Despite having the potential to give a green edge to the agricultural market, biopesticides are yet to make a mark in the agro sector. To create a market for biopesticides, there has to be a paradigm shift in the way business is done. It must develop a relationship with the farmer and create a dynamic process of a two-way knowledge transfer from lab to land
Farming for the future
KISHAN PAL collects wasps for a living. He feeds them beefliver and chicken to ensure they retain their sting. Farmers make a beeline at Pal's house to buy these tiny cannibals. They are more than willing to pay Rs 500 for each carton of wasps. When let loose on fieldsthese creatures immediately identify their enemies: pink bollworms and stem borers. It takes them no time to devour the eggs of these pests.
Pal's buyers are farmers who have said no to chemical pesticides. These farmers are a part of the biopesticide worldwhich uses anything - from animals and plants to bacteria and minerals - for cost-effective pest management. The existence of this world is as old as agriculture itself. For centuriesfarmers across India have been using traditional knowledge about biopesticides to good effect. Buttodaythese ecofriendlyproducts have come out of the realm of farmers' legacy of traditional knowledge. They have become a unique selling proposition that holds the promise of a green future.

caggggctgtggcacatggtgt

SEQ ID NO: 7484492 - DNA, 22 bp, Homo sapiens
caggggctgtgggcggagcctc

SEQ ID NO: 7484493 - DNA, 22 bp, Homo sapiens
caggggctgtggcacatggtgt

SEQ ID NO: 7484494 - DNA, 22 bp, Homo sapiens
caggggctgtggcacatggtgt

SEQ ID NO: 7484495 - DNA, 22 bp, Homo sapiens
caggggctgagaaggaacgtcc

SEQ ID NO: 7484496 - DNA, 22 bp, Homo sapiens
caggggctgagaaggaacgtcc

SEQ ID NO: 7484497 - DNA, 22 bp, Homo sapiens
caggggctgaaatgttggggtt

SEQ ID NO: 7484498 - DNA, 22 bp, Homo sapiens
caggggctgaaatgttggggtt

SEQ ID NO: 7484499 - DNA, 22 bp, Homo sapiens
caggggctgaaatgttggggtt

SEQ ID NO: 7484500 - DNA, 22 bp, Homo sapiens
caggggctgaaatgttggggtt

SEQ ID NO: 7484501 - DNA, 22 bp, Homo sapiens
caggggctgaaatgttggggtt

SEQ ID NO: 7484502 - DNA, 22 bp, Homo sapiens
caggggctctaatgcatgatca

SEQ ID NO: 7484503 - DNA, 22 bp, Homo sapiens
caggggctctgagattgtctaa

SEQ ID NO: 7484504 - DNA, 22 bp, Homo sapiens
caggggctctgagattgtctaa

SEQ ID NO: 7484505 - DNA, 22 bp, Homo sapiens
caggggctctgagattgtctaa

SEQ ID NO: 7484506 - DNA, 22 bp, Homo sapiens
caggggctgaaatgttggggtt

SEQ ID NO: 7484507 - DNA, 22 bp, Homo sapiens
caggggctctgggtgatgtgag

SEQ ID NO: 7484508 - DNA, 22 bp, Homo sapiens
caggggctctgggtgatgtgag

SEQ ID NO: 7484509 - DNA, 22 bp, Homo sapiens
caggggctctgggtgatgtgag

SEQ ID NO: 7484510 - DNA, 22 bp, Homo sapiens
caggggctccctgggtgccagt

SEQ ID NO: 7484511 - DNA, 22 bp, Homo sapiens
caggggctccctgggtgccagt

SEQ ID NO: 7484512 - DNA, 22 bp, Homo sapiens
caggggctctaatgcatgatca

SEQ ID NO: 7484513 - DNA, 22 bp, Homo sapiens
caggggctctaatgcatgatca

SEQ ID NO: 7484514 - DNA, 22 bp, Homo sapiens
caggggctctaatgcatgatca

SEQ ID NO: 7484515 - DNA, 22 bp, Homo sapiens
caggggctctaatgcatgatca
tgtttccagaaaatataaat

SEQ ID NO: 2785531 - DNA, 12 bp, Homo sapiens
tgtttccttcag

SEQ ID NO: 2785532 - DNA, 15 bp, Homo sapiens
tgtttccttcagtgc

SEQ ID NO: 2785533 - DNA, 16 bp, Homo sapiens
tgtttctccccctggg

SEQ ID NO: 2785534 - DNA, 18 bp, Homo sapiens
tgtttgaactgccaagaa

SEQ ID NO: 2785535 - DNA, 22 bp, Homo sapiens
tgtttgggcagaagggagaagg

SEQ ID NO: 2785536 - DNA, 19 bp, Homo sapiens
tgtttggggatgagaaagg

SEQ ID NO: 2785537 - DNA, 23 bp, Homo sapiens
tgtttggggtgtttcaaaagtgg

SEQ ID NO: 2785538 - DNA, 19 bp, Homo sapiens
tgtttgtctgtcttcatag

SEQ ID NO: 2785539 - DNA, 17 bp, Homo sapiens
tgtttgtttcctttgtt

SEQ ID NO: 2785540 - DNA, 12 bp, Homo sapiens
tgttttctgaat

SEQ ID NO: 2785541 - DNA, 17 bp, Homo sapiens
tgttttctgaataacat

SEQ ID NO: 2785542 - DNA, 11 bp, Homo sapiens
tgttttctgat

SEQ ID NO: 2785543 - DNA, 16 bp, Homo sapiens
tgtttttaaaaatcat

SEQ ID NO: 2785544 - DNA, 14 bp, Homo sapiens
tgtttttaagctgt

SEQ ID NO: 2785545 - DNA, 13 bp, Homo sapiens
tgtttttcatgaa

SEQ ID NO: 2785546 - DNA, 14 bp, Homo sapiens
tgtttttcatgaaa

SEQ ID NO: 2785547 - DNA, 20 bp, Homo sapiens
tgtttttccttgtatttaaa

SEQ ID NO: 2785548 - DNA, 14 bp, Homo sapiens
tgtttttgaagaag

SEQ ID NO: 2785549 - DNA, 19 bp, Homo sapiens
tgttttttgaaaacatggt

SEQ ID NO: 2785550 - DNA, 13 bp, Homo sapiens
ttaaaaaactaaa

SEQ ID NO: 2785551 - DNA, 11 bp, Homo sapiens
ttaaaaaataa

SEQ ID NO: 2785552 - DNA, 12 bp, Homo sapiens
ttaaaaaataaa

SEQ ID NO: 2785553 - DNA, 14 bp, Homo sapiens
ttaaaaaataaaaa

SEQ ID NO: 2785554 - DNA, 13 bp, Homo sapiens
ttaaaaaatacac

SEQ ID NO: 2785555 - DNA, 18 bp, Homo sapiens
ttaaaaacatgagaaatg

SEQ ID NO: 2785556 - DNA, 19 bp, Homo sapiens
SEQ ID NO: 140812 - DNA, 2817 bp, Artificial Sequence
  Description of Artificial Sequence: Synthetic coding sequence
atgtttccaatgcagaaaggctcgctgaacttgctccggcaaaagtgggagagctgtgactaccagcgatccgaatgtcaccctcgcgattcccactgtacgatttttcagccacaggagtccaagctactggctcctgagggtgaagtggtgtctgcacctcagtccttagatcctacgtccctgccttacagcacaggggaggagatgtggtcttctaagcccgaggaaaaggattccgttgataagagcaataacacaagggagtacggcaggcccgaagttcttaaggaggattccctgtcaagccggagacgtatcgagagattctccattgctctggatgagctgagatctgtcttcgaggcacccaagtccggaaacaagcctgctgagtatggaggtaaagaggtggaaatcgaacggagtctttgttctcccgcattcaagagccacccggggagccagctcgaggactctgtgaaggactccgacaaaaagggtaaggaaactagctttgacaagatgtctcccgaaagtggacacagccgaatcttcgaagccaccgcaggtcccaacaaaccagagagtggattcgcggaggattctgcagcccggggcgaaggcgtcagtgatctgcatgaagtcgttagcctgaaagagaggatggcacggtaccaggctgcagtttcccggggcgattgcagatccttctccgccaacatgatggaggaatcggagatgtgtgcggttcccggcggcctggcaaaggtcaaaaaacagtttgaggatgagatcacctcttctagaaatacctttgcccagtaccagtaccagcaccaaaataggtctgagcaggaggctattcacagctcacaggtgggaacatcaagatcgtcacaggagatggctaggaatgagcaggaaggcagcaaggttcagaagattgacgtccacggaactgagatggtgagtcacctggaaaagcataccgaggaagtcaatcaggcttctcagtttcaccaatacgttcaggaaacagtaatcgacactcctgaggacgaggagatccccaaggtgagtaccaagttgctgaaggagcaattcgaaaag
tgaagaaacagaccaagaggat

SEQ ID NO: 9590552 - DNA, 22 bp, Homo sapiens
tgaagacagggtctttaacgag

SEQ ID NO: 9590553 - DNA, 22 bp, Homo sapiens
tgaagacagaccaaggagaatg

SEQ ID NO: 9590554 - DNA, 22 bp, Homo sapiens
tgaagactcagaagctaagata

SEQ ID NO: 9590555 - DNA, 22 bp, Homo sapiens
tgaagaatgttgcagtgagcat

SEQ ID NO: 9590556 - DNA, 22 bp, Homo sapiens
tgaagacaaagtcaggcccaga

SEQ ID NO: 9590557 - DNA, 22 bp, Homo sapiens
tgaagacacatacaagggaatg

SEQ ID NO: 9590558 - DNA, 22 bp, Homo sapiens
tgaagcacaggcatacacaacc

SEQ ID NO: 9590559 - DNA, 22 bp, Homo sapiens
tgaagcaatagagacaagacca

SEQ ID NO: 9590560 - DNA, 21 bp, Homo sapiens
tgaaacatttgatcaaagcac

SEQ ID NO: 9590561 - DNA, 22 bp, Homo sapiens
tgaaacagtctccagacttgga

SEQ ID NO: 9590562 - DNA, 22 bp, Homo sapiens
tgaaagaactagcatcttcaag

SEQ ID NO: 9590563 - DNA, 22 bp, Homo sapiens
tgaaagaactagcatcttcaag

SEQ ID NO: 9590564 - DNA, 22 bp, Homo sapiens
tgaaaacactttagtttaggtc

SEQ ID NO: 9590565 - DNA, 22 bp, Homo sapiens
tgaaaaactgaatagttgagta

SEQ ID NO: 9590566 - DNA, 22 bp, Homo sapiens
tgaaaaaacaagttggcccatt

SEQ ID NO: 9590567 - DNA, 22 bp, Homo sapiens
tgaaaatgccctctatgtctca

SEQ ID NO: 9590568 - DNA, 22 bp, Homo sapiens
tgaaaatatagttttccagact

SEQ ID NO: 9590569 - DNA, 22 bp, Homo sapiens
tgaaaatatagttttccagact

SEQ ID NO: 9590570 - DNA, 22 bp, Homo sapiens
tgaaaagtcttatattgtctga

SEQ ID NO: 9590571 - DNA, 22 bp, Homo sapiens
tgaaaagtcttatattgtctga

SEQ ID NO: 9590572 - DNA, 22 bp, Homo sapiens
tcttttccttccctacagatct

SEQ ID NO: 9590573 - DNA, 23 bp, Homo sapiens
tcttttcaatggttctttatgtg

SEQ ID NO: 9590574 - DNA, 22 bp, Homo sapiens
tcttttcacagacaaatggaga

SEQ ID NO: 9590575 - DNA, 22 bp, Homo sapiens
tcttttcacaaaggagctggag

At presenta range of biopesticide products are available. Howeverthey are yet to become market favourites. Till datetheir growth has been slow and timid. This is despite biopesticides being an integral component of the much vaunted integrated pest management programme (IPM). The concept of IPMintroduced in 1969encourages sustainable agricultural practices by encouraging the use of biopesticides. Howeverthe advocates of IPM promoted just a few sources of these ecofriendly products. As a resultthe biopesticide sector remains limited to a few 'niche' productsleaving the dream to tap all sources of biopesticides unrealised.